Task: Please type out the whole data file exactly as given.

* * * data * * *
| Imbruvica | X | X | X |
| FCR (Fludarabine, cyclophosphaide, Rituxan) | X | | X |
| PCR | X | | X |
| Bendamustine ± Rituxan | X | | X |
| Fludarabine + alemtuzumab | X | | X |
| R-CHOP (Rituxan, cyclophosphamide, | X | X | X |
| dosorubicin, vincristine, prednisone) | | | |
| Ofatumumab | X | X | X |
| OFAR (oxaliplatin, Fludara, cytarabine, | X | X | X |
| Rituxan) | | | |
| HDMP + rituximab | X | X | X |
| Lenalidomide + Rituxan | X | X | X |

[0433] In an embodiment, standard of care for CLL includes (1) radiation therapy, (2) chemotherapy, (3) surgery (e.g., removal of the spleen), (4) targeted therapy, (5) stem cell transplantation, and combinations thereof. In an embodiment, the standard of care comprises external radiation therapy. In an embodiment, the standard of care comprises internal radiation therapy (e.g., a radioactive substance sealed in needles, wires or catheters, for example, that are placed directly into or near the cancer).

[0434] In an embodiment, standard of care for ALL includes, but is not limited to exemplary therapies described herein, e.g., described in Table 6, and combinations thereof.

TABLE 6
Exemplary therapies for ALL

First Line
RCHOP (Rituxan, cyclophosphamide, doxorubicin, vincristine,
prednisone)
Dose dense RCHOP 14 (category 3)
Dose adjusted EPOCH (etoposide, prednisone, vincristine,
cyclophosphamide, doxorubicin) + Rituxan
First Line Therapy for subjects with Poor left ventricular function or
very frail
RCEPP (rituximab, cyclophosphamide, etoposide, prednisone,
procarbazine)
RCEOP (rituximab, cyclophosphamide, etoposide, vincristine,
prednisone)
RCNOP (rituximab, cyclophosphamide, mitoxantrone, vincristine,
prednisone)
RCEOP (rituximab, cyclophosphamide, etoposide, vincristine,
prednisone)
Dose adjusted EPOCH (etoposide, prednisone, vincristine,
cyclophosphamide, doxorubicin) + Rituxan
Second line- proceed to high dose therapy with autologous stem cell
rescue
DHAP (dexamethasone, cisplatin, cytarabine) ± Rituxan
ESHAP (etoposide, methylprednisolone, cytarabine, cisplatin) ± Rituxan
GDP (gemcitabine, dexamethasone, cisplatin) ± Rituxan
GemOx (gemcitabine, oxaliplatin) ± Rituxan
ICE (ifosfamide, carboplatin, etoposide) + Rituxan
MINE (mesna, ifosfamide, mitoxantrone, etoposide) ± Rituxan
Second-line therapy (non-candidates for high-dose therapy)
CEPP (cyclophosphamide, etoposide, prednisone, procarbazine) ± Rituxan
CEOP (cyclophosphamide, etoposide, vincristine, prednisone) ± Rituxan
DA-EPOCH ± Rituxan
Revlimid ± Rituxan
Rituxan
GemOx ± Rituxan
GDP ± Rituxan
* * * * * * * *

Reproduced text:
| Imbruvica | X | X | X |
| FCR (Fludarabine, cyclophosphaide, Rituxan) | X | | X |
| PCR | X | | X |
| Bendamustine ± Rituxan | X | | X |
| Fludarabine + alemtuzumab | X | | X |
| R-CHOP (Rituxan, cyclophosphamide, | X | X | X |
| dosorubicin, vincristine, prednisone) | | | |
| Ofatumumab | X | X | X |
| OFAR (oxaliplatin, Fludara, cytarabine, | X | X | X |
| Rituxan) | | | |
| HDMP + rituximab | X | X | X |
| Lenalidomide + Rituxan | X | X | X |

[0433] In an embodiment, standard of care for CLL includes (1) radiation therapy, (2) chemotherapy, (3) surgery (e.g., removal of the spleen), (4) targeted therapy, (5) stem cell transplantation, and combinations thereof. In an embodiment, the standard of care comprises external radiation therapy. In an embodiment, the standard of care comprises internal radiation therapy (e.g., a radioactive substance sealed in needles, wires or catheters, for example, that are placed directly into or near the cancer).

[0434] In an embodiment, standard of care for ALL includes, but is not limited to exemplary therapies described herein, e.g., described in Table 6, and combinations thereof.

TABLE 6
Exemplary therapies for ALL

First Line
RCHOP (Rituxan, cyclophosphamide, doxorubicin, vincristine,
prednisone)
Dose dense RCHOP 14 (category 3)
Dose adjusted EPOCH (etoposide, prednisone, vincristine,
cyclophosphamide, doxorubicin) + Rituxan
First Line Therapy for subjects with Poor left ventricular function or
very frail
RCEPP (rituximab, cyclophosphamide, etoposide, prednisone,
procarbazine)
RCEOP (rituximab, cyclophosphamide, etoposide, vincristine,
prednisone)
RCNOP (rituximab, cyclophosphamide, mitoxantrone, vincristine,
prednisone)
RCEOP (rituximab, cyclophosphamide, etoposide, vincristine,
prednisone)
Dose adjusted EPOCH (etoposide, prednisone, vincristine,
cyclophosphamide, doxorubicin) + Rituxan
Second line- proceed to high dose therapy with autologous stem cell
rescue
DHAP (dexamethasone, cisplatin, cytarabine) ± Rituxan
ESHAP (etoposide, methylprednisolone, cytarabine, cisplatin) ± Rituxan
GDP (gemcitabine, dexamethasone, cisplatin) ± Rituxan
GemOx (gemcitabine, oxaliplatin) ± Rituxan
ICE (ifosfamide, carboplatin, etoposide) + Rituxan
MINE (mesna, ifosfamide, mitoxantrone, etoposide) ± Rituxan
Second-line therapy (non-candidates for high-dose therapy)
CEPP (cyclophosphamide, etoposide, prednisone, procarbazine) ± Rituxan
CEOP (cyclophosphamide, etoposide, vincristine, prednisone) ± Rituxan
DA-EPOCH ± Rituxan
Revlimid ± Rituxan
Rituxan
GemOx ± Rituxan
GDP ± Rituxan